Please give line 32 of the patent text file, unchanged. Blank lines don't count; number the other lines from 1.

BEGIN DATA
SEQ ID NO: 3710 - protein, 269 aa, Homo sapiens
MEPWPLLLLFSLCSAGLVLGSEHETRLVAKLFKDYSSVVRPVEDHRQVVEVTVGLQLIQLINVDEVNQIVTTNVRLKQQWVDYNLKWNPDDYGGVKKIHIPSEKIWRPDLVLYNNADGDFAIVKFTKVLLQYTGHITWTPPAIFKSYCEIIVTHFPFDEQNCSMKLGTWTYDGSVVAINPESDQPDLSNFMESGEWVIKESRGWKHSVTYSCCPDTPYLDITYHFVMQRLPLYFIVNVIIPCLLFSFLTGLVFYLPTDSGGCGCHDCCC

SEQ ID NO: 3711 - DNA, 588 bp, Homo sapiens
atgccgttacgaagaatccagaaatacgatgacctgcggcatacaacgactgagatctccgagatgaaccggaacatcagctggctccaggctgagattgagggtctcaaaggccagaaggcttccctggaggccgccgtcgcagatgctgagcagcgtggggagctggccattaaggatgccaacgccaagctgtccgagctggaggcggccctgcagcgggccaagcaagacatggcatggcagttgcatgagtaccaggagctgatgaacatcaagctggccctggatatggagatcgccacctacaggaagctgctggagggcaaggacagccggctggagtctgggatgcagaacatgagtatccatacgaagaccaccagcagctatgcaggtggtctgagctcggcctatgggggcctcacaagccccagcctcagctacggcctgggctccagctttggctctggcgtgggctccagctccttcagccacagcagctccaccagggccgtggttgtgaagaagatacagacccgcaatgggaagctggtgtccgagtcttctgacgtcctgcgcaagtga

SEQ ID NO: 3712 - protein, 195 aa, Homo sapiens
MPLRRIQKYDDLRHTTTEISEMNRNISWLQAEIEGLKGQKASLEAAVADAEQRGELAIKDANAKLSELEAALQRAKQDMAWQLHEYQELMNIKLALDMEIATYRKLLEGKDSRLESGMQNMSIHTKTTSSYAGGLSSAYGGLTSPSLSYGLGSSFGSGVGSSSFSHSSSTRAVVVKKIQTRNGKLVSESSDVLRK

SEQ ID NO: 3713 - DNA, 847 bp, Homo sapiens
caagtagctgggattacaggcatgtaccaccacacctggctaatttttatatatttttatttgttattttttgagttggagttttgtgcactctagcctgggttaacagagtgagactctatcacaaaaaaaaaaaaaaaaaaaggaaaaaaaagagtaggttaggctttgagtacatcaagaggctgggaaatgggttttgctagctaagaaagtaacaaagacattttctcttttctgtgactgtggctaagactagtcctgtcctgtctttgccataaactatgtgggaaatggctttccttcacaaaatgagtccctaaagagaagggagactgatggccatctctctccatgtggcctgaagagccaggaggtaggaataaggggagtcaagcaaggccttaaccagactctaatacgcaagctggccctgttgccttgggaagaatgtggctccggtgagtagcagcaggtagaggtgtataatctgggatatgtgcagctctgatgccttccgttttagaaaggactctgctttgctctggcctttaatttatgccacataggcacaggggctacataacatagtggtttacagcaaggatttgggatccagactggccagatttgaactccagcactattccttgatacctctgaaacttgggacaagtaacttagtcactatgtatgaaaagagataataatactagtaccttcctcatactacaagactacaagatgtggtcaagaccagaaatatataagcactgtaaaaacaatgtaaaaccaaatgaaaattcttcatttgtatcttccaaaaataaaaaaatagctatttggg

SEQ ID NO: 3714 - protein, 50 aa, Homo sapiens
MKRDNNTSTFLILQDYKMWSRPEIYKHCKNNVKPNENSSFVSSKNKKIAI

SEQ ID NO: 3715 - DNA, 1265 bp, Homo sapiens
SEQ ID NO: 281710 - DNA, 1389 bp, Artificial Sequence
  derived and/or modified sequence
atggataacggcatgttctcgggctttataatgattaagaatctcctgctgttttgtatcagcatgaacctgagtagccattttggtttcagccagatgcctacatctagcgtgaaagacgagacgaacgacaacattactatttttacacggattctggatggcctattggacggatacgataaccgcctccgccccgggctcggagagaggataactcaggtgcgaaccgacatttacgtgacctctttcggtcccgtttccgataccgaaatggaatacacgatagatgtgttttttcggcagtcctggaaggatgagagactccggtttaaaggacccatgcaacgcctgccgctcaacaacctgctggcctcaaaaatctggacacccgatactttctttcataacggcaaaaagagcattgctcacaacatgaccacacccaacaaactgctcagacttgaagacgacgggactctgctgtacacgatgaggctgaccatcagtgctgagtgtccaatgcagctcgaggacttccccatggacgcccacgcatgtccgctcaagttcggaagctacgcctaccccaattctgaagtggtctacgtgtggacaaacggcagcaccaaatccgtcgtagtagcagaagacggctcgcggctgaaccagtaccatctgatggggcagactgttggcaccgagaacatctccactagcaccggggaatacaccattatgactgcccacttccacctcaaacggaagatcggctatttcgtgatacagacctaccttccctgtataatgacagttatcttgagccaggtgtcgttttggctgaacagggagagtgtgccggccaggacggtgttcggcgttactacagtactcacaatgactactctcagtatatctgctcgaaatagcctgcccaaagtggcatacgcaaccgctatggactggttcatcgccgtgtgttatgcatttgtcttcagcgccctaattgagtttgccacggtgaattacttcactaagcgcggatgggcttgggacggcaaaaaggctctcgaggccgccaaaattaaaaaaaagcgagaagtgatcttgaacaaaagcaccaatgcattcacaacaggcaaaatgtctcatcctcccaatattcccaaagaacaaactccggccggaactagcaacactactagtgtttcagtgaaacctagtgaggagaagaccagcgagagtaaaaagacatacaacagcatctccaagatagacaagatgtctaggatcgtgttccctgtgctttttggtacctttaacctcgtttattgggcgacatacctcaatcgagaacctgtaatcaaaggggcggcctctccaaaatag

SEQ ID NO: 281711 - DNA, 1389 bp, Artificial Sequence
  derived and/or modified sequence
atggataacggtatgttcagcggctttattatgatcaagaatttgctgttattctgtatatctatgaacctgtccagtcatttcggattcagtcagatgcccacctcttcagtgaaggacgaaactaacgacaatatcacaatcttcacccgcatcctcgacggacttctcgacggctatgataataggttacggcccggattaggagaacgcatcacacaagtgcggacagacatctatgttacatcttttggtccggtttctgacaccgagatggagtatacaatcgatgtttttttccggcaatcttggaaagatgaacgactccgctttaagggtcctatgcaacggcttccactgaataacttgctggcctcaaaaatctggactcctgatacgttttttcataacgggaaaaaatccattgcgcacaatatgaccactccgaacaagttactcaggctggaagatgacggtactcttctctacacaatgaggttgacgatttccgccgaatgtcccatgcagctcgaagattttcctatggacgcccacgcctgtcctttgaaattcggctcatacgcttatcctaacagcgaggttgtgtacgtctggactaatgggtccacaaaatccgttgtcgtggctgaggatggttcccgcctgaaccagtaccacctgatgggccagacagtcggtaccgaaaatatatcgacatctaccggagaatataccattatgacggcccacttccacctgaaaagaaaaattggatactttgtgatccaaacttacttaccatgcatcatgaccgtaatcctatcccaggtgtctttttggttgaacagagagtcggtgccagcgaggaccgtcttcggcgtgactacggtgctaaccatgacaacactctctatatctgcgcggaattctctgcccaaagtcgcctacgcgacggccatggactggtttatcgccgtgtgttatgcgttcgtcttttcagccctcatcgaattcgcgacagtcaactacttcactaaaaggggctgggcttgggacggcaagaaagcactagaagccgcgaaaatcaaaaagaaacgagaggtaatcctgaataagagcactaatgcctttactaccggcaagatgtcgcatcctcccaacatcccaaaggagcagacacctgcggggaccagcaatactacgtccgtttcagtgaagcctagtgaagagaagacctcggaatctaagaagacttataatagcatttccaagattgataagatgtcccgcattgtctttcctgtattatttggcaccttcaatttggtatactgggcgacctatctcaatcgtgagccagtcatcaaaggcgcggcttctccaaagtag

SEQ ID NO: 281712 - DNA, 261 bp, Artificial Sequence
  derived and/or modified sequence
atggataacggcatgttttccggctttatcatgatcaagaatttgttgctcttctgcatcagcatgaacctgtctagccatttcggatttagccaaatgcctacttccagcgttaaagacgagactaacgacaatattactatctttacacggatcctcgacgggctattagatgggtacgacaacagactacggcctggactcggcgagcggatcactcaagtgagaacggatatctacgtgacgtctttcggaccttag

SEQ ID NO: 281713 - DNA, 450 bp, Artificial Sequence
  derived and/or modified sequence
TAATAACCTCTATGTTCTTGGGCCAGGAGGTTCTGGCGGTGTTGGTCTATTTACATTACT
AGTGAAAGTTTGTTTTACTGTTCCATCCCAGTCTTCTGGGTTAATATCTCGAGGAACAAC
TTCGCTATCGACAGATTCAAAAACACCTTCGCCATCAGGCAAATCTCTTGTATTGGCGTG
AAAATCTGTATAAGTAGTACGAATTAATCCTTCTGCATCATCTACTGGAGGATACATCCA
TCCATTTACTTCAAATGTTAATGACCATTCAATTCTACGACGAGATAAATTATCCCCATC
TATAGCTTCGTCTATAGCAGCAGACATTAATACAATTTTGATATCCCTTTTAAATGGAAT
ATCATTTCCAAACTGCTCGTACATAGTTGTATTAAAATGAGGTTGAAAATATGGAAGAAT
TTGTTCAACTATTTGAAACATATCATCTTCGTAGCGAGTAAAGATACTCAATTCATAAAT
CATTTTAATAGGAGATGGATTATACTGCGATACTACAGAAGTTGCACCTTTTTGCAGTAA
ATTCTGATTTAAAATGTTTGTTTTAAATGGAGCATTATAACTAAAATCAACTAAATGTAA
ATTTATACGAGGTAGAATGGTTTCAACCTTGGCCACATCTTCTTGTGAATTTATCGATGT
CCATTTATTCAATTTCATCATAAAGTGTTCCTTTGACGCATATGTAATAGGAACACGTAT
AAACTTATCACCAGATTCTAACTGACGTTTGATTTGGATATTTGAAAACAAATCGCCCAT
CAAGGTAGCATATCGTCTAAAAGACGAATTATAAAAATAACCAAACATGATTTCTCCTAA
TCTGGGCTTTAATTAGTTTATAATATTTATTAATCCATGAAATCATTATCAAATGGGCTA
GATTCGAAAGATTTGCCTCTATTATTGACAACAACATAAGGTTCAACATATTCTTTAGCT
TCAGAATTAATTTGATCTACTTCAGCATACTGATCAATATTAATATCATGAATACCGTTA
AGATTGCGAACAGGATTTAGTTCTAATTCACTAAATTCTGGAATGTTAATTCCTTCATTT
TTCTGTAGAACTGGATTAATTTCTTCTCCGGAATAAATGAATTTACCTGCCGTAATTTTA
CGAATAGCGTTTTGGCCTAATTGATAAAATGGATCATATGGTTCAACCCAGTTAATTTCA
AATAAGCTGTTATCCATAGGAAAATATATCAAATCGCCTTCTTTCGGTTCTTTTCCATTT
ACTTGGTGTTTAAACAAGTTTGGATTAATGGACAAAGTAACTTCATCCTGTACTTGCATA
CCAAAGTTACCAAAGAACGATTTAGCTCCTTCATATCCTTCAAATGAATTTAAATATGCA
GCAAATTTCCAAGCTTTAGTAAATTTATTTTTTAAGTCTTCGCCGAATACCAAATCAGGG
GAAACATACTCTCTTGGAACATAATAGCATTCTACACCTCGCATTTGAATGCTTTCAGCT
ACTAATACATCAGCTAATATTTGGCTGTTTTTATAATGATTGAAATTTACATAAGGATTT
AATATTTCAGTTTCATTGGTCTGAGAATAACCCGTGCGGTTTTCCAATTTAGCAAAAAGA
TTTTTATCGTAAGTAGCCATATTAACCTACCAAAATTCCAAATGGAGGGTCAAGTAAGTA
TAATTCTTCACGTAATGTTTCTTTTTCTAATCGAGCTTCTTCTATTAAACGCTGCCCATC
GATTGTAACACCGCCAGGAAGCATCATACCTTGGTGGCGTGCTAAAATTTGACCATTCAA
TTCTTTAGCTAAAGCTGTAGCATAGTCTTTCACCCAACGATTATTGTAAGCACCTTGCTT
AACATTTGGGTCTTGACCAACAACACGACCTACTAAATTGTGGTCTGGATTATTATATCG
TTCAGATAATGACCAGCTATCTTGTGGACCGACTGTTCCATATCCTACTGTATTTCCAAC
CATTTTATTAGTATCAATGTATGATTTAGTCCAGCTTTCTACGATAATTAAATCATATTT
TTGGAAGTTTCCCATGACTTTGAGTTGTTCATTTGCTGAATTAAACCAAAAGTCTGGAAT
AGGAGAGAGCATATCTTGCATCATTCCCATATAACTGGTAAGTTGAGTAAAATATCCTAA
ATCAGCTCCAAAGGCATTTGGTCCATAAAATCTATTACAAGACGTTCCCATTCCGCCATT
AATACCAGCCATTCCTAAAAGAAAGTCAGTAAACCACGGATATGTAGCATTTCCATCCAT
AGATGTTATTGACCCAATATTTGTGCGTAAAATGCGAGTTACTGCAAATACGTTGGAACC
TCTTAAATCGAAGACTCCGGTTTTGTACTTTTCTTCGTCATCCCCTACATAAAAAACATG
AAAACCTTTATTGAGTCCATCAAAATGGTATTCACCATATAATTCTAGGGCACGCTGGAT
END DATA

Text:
ATTCTGATTTAAAATGTTTGTTTTAAATGGAGCATTATAACTAAAATCAACTAAATGTAA